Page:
Hidden fees in ticket purchases, delays on the tarmac and seats that feel smaller every time you a board a plane. These are just a few of the common frustrations we all encounter when taking a commercial flight these days.
While we are far from the smiling faces that graced the advertisements in the “golden age” of air travel, progress has been made since the dawn of commercial air travel. Flying is by far less dangerous and much more affordable than it was during that time. It is, however, also a more frustrating experience.
There can be a middle ground. Flying can be safe, affordable and comfortable.
In recent years, Washington has taken steps toward fixing the problems that plague commercial air travel by including much-needed, commonsense reforms when we reauthorize funding for the Federal Aviation Administration (FAA). These reforms put passengers first, taking on the most visible—and often most egregious—practices of airlines.
The most recent passenger protections set to be enacted were just included in a comprehensive, five-year reauthorization of the FAA that was signed into law by President Trump. Once implemented, the new rules will ensure that passengers who have boarded their flight aren’t forced off the plane due to airline overbooking and that commercial airline seats do not continue to shrink to the point of absurdity. The new reforms also ensure that airlines promptly return fees paid for services, including seat assignments and early boarding, that were not delivered and baggage fees will be refunded when items are lost or unreasonably delayed.
One additional provision in the new law hasn’t received much attention, but could have a big impact. The new law directs the Department of Transportation (DOT) to establish an aviation consumer advocate to help usher in positive changes in how airlines treat consumers. The office will monitor enforcement of issues, including deceptive ticketing practices and tarmac delays; help customers resolve carrier service complaints; and identify and recommend policies that can more effectively resolve carrier service complaints. It requires the DOT to report certain consumer complaint statistics to Congress to ensure lawmakers can address any shortcomings. If the new office does its job properly, the aviation consumer advocate could dramatically reduce the stress of air travel for customers.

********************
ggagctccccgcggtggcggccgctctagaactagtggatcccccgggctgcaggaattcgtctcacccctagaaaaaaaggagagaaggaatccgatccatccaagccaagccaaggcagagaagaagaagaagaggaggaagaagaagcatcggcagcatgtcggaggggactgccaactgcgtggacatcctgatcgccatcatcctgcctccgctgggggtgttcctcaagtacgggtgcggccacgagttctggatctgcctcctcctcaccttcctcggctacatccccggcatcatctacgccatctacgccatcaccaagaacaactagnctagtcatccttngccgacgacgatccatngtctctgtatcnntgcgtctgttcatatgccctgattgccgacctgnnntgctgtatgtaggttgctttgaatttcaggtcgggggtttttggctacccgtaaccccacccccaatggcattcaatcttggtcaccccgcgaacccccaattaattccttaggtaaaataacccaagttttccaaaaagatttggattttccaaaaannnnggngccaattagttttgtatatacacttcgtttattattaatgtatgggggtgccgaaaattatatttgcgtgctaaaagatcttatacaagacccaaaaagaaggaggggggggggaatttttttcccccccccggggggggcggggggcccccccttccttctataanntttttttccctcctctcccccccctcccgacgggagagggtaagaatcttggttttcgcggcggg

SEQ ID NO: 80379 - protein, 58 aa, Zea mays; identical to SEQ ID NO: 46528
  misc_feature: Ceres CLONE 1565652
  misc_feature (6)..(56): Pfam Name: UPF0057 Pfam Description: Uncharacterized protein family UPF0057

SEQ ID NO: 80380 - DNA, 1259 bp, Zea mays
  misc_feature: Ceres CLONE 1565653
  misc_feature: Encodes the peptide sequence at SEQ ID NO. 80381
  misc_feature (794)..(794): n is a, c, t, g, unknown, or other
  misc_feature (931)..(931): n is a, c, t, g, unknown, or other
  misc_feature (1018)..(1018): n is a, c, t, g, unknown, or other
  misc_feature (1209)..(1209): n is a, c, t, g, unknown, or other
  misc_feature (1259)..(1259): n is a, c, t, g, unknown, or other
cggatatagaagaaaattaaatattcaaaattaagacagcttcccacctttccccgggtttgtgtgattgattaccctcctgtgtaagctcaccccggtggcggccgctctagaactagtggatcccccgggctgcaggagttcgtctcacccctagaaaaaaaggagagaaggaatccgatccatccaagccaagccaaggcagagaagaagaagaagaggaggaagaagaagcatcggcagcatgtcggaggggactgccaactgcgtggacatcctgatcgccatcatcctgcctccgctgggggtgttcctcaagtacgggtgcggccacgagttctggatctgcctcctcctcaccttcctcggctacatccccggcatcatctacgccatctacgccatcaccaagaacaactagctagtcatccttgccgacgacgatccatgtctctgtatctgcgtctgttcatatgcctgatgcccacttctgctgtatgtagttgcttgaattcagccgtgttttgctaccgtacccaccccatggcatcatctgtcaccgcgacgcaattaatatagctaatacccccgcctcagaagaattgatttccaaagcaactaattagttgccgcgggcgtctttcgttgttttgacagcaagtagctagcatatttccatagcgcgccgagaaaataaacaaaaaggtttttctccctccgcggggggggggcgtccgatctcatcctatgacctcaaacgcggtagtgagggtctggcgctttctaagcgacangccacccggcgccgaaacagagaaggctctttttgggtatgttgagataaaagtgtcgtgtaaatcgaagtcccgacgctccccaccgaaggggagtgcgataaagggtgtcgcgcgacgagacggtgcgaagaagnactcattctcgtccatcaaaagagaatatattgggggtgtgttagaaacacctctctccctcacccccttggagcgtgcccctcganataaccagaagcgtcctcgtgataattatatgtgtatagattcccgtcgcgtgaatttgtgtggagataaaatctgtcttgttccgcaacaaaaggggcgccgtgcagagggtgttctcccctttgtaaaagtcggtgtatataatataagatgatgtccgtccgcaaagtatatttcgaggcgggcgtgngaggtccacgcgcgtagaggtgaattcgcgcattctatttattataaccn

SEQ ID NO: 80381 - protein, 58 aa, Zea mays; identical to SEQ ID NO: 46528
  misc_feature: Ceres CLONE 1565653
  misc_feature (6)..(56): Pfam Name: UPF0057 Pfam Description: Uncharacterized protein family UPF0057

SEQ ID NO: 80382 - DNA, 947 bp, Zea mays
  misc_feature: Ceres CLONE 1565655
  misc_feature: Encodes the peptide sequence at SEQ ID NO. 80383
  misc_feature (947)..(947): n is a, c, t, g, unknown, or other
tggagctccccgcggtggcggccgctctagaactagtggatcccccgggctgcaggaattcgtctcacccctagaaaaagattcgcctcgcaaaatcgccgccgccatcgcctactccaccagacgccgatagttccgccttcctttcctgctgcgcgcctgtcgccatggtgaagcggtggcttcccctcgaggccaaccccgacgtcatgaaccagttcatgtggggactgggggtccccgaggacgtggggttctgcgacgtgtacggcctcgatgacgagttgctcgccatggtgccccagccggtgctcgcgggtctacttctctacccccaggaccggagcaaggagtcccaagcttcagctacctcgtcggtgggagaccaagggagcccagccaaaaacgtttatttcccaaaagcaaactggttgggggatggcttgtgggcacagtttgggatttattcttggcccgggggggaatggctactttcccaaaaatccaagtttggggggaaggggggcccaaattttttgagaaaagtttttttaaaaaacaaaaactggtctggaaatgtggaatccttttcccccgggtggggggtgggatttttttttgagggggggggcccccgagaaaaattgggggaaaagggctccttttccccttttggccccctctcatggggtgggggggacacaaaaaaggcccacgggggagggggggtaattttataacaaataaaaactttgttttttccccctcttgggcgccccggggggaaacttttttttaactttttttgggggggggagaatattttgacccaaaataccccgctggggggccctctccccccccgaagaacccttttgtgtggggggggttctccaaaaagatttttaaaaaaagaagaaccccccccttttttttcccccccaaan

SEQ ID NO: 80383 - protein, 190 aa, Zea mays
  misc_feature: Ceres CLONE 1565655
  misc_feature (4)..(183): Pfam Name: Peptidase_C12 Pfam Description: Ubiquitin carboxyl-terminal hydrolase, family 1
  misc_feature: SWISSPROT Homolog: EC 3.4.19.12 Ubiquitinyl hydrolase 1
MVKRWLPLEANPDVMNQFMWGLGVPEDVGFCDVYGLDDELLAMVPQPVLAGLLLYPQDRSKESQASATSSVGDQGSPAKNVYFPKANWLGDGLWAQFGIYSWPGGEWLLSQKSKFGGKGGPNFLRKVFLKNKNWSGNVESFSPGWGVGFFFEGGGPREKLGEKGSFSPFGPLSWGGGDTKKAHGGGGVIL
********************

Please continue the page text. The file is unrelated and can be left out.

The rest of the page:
These important consumer protection reforms build off those instituted in the 2016 FAA reauthorization, which one Washington Post columnist called the “most passenger-friendly” ever. The 2016 reauthorization required airlines to disclose fees to consumers and provide families with information about the availability of seats together at the time of booking. It also directed the DOT to review how airlines provide information on decisions to delay or cancel flights that may be fully or only partially due to weather.
Taking a “passenger-first” approach—coupled with modernizations to airport infrastructure and enhancements to aviation security—can help transform the flying experience into something travelers enjoy again. That would be a win for consumers and a welcome relief for us all.